There’s no two ways about it: the USD has had one of the most challenging and unexpected years on record, from sparking a massive recovery to riding a wave that seems to be passing on said challenges to virtually every other major currency around the world, thus sparking volatility in the forex market. Analysts have been voicing concerns that high US interest rates could damage the economy, but the US Federal Reserve’s passion for taming inflation had not cooled by October. The US currency, as a result, had been advancing unchecked for four months. The ripple effects of the policy reached many parts of the globe, sharply impacting developing nations who must pay back debt valued in dollars as well as pay for dollar-priced imports.
US Treasury Secretary Janet Yellen, however, insisted in October that a “market determined value of the dollar is in America’s interest” and that these ripple effects were the “logical outcome” of necessary central bank policy. According to Jessica Amir of Saxo Capital Markets, Yellen’s statement itself meant that “The green light is certainly there from authorities for a stronger dollar, and that’s a big tick for investors”.
Let’s take a closer look at how the USD has performed in recent months, and how its interactions with other major currencies have rocked the forex trading market.
Running up to the end of October, the euro achieved more in its rivalry against the dollar than it had in five months. The sense of confidence that Europe was well-stocked with gas for winter propped up the common currency for several weeks. This was after a September trough in which the euro dropped to its lowest against the dollar since 2002.
But, as October closed off, the euro got cold feet as traders decided the Fed would continue to act hawkishly into the near future. “We’re expecting the euro to peter out and gradually start to go back down again below parity”, predicted Lee Hardman of MUFG. One of the main reasons forex traders sell the euro is because they expect the interest rate differential between the US and the euro zone to favour the dollar. This seemed to be the case, “thanks to a Fed laser-focused on inflation”, in the words of Luc Luyet of Pictet Wealth Management. For reference, the EUR/USD was holding at 0.9955 on October 28th.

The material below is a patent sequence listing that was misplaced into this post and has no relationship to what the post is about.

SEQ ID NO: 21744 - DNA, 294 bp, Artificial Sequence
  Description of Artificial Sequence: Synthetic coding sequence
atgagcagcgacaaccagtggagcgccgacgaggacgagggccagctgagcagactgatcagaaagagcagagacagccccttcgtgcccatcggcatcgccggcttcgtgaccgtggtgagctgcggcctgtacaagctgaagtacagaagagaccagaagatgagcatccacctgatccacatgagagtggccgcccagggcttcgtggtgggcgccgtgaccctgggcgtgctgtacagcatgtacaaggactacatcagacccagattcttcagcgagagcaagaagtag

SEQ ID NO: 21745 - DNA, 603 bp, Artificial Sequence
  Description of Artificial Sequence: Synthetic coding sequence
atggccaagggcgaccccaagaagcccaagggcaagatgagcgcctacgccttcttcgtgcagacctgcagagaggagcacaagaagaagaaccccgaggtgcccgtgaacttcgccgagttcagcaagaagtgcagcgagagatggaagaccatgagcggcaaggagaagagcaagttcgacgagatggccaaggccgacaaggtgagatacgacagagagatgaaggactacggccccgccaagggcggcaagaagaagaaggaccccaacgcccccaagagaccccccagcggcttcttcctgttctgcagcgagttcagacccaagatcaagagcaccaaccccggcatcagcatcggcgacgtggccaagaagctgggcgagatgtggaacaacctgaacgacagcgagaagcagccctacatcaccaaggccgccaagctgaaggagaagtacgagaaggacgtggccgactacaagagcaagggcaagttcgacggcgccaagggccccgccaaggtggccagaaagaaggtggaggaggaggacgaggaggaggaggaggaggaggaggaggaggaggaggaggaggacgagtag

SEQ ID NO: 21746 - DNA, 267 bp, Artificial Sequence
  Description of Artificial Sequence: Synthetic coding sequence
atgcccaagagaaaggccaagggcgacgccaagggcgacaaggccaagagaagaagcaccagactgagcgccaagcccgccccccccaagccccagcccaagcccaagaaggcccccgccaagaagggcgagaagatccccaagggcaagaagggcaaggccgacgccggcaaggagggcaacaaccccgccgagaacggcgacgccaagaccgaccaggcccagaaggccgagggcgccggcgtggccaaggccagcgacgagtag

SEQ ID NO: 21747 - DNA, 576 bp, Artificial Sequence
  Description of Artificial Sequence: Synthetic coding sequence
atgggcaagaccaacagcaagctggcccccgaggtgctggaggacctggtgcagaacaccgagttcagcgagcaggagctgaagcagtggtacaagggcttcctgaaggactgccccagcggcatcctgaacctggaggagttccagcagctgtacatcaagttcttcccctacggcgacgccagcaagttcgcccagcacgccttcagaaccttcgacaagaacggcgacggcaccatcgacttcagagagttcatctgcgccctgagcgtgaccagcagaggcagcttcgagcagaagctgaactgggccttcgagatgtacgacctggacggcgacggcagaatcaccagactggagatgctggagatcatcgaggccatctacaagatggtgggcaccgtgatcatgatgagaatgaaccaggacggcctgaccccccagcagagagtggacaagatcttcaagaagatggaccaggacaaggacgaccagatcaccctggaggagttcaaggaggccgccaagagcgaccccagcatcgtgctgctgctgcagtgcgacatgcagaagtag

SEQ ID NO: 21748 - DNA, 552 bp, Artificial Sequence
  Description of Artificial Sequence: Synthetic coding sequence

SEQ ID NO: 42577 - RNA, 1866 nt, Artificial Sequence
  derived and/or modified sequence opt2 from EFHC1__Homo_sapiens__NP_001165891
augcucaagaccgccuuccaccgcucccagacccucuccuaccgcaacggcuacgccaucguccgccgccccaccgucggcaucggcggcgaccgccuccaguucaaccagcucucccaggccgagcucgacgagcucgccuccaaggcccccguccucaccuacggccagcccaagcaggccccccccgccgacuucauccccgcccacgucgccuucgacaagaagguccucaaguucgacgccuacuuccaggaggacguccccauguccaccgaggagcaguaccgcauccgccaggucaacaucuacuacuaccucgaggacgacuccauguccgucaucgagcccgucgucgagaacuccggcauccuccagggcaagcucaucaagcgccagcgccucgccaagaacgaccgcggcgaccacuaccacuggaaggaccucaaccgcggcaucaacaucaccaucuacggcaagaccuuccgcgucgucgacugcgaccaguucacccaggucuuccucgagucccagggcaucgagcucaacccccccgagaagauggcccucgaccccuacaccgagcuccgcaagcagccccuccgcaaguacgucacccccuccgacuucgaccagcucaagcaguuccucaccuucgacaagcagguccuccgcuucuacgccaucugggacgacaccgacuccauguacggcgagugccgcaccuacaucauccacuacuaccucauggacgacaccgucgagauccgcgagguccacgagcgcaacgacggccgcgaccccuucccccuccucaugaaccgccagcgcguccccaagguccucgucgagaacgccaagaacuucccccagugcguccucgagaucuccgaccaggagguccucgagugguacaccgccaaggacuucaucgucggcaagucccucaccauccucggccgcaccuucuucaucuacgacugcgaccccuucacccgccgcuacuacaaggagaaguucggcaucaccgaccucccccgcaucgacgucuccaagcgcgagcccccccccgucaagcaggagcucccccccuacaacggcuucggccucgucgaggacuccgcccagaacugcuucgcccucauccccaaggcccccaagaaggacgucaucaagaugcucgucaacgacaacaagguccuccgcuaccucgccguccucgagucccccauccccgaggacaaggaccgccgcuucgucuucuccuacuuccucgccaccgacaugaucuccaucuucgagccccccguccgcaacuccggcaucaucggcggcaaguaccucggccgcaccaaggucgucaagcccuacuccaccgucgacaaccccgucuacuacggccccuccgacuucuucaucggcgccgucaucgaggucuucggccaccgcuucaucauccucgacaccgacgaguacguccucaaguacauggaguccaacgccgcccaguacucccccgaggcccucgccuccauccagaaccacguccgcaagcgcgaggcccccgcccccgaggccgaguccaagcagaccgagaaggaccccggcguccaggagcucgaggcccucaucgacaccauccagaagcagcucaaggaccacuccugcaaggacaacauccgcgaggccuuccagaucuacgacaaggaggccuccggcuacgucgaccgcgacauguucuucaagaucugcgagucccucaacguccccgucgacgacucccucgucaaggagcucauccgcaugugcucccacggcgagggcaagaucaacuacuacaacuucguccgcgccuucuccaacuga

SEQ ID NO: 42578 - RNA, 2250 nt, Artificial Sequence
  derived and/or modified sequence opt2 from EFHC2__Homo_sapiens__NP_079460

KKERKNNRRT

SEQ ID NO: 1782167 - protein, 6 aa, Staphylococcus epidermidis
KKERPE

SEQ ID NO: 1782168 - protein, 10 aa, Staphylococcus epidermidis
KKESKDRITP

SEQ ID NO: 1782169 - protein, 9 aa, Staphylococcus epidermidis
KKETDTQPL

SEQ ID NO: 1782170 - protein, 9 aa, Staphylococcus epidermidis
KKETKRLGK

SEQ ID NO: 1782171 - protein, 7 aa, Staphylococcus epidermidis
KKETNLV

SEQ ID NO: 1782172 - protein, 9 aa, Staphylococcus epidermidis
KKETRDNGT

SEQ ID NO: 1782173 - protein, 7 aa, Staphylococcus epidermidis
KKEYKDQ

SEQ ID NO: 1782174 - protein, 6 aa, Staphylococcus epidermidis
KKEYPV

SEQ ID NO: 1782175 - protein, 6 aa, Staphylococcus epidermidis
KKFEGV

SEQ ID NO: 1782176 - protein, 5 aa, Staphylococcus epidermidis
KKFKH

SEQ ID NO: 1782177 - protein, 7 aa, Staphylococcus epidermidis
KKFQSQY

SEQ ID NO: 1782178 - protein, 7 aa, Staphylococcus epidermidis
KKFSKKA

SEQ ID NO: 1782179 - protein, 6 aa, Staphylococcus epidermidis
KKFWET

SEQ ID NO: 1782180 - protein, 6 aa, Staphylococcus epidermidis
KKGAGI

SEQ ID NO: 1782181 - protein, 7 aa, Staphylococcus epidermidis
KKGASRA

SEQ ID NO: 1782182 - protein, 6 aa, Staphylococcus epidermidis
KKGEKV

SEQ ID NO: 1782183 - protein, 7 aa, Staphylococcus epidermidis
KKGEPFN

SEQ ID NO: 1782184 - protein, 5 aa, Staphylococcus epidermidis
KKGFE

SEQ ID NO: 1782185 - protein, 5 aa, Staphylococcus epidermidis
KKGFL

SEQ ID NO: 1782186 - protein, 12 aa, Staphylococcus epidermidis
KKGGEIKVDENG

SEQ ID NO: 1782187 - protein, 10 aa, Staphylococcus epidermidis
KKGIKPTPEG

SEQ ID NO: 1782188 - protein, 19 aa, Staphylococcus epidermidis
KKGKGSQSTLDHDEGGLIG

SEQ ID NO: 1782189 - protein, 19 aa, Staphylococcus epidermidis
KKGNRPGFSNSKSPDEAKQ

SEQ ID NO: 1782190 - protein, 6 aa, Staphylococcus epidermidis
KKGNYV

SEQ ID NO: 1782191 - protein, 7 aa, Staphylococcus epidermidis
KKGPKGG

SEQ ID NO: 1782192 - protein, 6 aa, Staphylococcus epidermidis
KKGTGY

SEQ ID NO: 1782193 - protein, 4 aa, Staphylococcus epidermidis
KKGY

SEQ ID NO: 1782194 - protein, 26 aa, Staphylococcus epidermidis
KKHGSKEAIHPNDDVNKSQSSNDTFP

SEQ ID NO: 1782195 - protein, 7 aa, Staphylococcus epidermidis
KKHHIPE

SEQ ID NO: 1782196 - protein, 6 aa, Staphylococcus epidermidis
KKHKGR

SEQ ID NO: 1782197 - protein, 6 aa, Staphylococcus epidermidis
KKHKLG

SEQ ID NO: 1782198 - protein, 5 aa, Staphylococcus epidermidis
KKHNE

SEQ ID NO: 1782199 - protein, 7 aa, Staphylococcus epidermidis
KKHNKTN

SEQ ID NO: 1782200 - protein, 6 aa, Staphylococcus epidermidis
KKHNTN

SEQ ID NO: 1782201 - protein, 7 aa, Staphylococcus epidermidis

When Liz Truss stepped into office as the UK’s new Prime Minister in early September, the pound, which was already reeling due to the relentless gains of the USD, dropped to $1,1406, its weakest since 1985, because of her plans to run the budget deficit higher. “Truss’s fiscal plans may help households but probably not the pound”, remarked Roberto Cobo Garcia of BBVA.
Two months later, when Truss no longer lived in Downing Street, the Bank of England said they believed the UK would be in recession until 2024, and this nudged sterling into even lower territory. Policymakers, battling to control inflation, had dealt the economy the biggest interest rate hike in over three decades at the start of November, bringing the cost of borrowing up to 3%. Many analysts, including Deutsche Bank, thought the GBP/USD would descend below 1.10 by year’s end. 2022 was, for the pound, the worst year since 2008 (which, we probably don’t need to remind you, was the year of the great financial crash). Looking for signs of a brighter future, Cobo Garcia said “Global risk appetite may need to improve somehow to stop the pound carnage”.
The strange phenomenon that occurred near the end of October was a sudden and considerable appreciation of the Japanese yen against the USD without an apparent cause. The USD/JPY ticked over within a couple of days all the way from 152 to 146. Although Janet Yellen could not corroborate this, experts deduced that Japanese policymakers had spent about $37 billion to prop up their currency. It’s certain they did intervene in the forex market back in September, when the USD/JPY was at about 145. The weeks in between, however, had succeeded in pushing the yen back down by 4%. The yen’s tumble against the dollar has been driven by the contrast between the Fed’s aggressive monetary tightening and the Bank of Japan’s immovable patience.
Near the end of October, the UN’s International Labour Organization (ILO) warned that “Uncoordinated monetary and fiscal tightening will further depress global economic growth”. Indeed, a constant question in the minds of central bankers on both sides of the Atlantic has been whether to loosen monetary policy sooner or later. The more that symptoms of ailing economies emerge in coming weeks or months, the more central banks will feel the pressure to do a U-turn on tightening.
According to the ILO, the Ukraine crisis has raised food and energy prices, while also exacerbating price volatility around the world, to the extent that it’s likely there’ll be a recession in 2023. How this will affect the forex trading market is still up in the air, but it’s vital forex traders keep an eye on the latest international policy announcements in order to make more informed trading decisions.